We last caught up with Michal ‘Carmac’ Blicharz, VP of Pro Gaming at ESL, at Intel Extreme Masters Sydney last year. This year, Australia’s IEM is moving to Melbourne to headline Melbourne Esports Open. Or at least, it’s meant to be. If we’re amazingly lucky, and we’re probably not going to be lucky, we’ll all get to catch up in Melbourne and enjoy the show in August.
One of the big lines in the sand for seeing the coronavirus shut down a lot of major events around the world was this year’s IEM in Katowice, Poland, in the country where Carmac is from. The event was all systems go until the very day before the doors opened. With travellers already in the city, ESL had to make the announcement that authorities had decided they could no longer enter the arena to watch one of the most beloved events on the annual calendar.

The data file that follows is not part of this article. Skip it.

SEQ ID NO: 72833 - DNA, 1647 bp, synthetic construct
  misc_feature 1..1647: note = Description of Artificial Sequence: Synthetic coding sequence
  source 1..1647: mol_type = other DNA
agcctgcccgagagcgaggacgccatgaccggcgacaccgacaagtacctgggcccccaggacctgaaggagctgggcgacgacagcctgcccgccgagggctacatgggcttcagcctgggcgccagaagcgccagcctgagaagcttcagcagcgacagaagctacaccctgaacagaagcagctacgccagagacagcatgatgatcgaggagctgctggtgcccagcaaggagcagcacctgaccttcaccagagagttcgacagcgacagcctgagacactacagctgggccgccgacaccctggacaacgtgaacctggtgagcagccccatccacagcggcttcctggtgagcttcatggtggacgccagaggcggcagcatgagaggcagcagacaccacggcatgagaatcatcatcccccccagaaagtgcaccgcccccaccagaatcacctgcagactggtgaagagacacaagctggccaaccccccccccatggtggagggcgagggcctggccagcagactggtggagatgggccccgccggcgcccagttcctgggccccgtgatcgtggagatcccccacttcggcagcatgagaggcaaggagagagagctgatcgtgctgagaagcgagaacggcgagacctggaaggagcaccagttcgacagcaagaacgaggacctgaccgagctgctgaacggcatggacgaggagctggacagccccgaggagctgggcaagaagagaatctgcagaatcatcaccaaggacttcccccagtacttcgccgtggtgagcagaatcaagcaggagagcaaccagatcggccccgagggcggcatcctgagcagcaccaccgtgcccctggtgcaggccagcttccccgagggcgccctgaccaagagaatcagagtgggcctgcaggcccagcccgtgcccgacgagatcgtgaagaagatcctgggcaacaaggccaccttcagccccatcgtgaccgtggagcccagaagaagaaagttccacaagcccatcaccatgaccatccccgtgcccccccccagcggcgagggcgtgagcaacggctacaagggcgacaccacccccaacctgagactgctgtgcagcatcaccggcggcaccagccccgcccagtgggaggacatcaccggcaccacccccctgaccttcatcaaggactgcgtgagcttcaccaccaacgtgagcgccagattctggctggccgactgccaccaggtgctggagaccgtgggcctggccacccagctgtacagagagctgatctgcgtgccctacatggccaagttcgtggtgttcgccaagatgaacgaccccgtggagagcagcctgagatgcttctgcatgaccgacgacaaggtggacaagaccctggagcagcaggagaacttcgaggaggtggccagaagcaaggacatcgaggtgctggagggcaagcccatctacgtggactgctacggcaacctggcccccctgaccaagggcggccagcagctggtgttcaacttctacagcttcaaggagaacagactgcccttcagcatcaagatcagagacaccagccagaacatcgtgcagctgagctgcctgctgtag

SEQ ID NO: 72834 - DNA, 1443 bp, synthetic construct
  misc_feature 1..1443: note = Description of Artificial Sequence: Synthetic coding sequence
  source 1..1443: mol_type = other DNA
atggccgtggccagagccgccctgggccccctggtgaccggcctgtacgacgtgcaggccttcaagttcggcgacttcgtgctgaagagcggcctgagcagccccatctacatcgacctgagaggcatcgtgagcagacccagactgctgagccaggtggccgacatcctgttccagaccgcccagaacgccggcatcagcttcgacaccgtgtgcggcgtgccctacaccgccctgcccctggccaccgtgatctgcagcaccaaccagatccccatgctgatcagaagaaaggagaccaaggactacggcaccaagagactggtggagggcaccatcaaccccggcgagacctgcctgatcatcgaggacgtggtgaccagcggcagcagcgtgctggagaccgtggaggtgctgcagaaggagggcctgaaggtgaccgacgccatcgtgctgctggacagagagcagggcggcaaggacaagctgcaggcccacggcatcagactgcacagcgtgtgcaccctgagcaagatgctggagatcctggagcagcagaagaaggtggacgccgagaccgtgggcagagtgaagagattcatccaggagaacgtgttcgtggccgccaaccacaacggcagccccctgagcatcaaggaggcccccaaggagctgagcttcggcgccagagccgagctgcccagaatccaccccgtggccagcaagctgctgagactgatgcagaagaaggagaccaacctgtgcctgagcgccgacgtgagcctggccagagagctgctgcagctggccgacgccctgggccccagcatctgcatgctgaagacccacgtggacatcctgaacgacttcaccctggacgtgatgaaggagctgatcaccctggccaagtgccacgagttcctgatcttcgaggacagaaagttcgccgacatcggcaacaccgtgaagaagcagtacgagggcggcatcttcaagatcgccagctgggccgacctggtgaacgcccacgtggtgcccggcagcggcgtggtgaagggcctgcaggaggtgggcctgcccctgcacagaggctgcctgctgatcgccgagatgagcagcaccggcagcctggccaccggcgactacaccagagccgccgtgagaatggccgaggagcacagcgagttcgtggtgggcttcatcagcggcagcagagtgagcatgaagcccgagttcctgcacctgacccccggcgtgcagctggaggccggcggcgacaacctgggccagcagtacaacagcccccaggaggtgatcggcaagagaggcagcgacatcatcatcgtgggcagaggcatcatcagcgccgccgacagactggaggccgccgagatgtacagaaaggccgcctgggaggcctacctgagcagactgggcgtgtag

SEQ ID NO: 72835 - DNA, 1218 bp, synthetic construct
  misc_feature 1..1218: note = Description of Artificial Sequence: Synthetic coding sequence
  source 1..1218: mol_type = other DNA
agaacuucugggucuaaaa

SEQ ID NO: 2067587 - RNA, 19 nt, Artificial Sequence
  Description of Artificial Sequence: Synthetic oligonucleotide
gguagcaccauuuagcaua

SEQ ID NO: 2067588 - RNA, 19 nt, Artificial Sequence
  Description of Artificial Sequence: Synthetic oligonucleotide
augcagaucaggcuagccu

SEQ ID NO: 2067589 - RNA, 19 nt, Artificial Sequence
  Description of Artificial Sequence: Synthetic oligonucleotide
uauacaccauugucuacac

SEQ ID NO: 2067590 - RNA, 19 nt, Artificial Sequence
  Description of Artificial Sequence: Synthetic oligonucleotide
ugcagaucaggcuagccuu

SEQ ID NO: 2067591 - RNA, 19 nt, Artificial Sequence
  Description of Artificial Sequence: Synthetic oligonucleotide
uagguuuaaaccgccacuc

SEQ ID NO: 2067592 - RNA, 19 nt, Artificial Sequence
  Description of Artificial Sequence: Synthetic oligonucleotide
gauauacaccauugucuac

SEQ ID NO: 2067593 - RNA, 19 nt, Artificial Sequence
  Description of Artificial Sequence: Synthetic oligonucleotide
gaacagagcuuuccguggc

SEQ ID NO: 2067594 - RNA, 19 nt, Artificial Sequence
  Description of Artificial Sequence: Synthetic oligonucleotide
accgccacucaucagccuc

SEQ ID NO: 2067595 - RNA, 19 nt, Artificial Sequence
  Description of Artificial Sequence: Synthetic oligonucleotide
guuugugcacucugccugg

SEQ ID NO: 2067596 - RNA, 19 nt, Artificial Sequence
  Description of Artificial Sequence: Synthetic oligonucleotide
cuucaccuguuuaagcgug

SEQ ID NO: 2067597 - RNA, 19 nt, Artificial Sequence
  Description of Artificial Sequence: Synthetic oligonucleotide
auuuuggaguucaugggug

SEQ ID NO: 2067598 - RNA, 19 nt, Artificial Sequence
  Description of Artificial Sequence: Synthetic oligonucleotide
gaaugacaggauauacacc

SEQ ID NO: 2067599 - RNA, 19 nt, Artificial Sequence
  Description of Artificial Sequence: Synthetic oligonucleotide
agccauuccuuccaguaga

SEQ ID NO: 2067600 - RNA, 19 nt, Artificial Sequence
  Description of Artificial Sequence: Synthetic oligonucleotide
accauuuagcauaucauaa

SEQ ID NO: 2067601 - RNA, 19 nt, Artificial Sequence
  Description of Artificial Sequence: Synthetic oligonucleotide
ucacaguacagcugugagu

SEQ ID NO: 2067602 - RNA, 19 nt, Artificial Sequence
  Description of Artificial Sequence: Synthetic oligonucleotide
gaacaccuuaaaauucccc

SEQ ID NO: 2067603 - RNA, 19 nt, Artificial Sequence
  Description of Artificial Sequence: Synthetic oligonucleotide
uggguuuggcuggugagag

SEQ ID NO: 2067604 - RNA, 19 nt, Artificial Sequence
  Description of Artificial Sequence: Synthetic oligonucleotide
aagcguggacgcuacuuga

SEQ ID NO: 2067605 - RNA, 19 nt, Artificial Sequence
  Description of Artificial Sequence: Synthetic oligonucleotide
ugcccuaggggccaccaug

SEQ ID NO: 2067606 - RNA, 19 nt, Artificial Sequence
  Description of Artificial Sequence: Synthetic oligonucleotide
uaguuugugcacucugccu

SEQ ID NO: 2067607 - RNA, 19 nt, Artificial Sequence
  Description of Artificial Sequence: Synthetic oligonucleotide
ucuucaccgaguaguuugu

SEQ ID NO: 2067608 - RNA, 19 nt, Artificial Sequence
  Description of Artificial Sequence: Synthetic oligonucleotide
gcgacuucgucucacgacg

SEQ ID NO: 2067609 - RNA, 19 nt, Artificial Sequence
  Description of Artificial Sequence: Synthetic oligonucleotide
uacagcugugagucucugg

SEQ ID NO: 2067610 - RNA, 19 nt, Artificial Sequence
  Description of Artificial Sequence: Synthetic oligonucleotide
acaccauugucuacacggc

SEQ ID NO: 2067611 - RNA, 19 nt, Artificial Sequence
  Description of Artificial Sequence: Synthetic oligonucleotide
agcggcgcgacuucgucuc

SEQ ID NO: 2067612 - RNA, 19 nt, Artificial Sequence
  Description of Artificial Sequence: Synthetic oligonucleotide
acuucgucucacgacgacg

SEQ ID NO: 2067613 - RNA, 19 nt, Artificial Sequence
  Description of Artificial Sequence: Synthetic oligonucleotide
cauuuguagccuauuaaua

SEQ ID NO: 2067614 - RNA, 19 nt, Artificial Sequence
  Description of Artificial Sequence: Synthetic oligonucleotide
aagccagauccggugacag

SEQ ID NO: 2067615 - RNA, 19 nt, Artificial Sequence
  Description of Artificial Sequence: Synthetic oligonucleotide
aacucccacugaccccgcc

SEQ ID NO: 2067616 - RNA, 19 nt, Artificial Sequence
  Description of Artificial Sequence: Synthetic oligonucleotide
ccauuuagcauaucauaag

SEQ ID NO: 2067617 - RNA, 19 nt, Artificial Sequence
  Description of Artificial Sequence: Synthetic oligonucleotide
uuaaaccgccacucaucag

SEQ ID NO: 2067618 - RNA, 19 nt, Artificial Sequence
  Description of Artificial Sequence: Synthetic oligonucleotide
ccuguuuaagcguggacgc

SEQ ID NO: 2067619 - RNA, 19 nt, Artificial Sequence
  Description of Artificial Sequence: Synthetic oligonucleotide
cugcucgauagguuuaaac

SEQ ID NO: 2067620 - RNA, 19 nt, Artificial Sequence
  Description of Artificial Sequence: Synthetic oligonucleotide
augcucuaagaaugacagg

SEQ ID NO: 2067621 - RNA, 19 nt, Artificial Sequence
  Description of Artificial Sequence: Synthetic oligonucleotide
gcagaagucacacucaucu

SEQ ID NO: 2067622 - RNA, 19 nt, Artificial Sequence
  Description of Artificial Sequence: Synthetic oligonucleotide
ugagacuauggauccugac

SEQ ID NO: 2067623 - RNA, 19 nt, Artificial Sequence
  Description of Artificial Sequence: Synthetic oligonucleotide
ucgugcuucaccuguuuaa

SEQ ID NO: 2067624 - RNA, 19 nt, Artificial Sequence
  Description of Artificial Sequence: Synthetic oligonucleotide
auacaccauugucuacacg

In today’s conversation, we talk about how esports has had to respond to the crisis in the age of stadium events as a norm, how the shock now turns to opportunity for the industry, and whether this will be a chance to change minds and open the door to new fans and new perspectives on what esports has to offer.
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